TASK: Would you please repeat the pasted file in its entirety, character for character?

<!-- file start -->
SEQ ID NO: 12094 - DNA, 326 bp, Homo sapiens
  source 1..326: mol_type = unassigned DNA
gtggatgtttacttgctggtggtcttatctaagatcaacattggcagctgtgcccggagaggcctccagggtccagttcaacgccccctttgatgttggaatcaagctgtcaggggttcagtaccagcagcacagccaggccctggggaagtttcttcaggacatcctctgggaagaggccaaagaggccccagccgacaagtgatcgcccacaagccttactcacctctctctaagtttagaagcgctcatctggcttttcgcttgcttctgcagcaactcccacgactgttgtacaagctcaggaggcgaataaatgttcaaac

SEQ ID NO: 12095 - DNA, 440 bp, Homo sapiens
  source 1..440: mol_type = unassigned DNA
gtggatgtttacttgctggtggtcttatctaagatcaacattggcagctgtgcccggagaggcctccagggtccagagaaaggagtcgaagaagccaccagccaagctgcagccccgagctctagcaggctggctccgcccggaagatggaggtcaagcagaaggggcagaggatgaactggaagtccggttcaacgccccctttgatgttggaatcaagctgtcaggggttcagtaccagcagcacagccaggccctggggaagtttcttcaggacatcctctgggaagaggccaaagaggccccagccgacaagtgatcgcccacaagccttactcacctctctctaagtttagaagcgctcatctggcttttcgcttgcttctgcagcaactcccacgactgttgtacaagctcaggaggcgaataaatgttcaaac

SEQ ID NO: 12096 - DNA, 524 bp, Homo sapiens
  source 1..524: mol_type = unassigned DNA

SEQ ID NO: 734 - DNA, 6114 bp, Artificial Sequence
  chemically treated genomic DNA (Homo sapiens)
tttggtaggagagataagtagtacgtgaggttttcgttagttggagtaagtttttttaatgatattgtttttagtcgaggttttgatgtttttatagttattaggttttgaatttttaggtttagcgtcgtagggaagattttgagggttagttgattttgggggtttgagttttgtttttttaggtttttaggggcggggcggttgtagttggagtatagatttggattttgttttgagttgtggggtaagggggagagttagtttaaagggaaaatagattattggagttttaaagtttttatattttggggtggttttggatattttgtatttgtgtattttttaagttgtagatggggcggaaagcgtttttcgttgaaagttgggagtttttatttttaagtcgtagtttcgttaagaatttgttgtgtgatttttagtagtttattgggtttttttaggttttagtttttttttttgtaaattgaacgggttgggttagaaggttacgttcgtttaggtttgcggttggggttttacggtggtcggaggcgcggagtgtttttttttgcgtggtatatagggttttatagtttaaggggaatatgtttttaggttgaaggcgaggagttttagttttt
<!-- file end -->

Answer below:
SEQ ID NO: 12094 - DNA, 326 bp, Homo sapiens
  source 1..326: mol_type = unassigned DNA
gtggatgtttacttgctggtggtcttatctaagatcaacattggcagctgtgcccggagaggcctccagggtccagttcaacgccccctttgatgttggaatcaagctgtcaggggttcagtaccagcagcacagccaggccctggggaagtttcttcaggacatcctctgggaagaggccaaagaggccccagccgacaagtgatcgcccacaagccttactcacctctctctaagtttagaagcgctcatctggcttttcgcttgcttctgcagcaactcccacgactgttgtacaagctcaggaggcgaataaatgttcaaac

SEQ ID NO: 12095 - DNA, 440 bp, Homo sapiens
  source 1..440: mol_type = unassigned DNA
gtggatgtttacttgctggtggtcttatctaagatcaacattggcagctgtgcccggagaggcctccagggtccagagaaaggagtcgaagaagccaccagccaagctgcagccccgagctctagcaggctggctccgcccggaagatggaggtcaagcagaaggggcagaggatgaactggaagtccggttcaacgccccctttgatgttggaatcaagctgtcaggggttcagtaccagcagcacagccaggccctggggaagtttcttcaggacatcctctgggaagaggccaaagaggccccagccgacaagtgatcgcccacaagccttactcacctctctctaagtttagaagcgctcatctggcttttcgcttgcttctgcagcaactcccacgactgttgtacaagctcaggaggcgaataaatgttcaaac

SEQ ID NO: 12096 - DNA, 524 bp, Homo sapiens
  source 1..524: mol_type = unassigned DNA

SEQ ID NO: 734 - DNA, 6114 bp, Artificial Sequence
  chemically treated genomic DNA (Homo sapiens)
tttggtaggagagataagtagtacgtgaggttttcgttagttggagtaagtttttttaatgatattgtttttagtcgaggttttgatgtttttatagttattaggttttgaatttttaggtttagcgtcgtagggaagattttgagggttagttgattttgggggtttgagttttgtttttttaggtttttaggggcggggcggttgtagttggagtatagatttggattttgttttgagttgtggggtaagggggagagttagtttaaagggaaaatagattattggagttttaaagtttttatattttggggtggttttggatattttgtatttgtgtattttttaagttgtagatggggcggaaagcgtttttcgttgaaagttgggagtttttatttttaagtcgtagtttcgttaagaatttgttgtgtgatttttagtagtttattgggtttttttaggttttagtttttttttttgtaaattgaacgggttgggttagaaggttacgttcgtttaggtttgcggttggggttttacggtggtcggaggcgcggagtgtttttttttgcgtggtatatagggttttatagtttaaggggaatatgtttttaggttgaaggcgaggagttttagttttt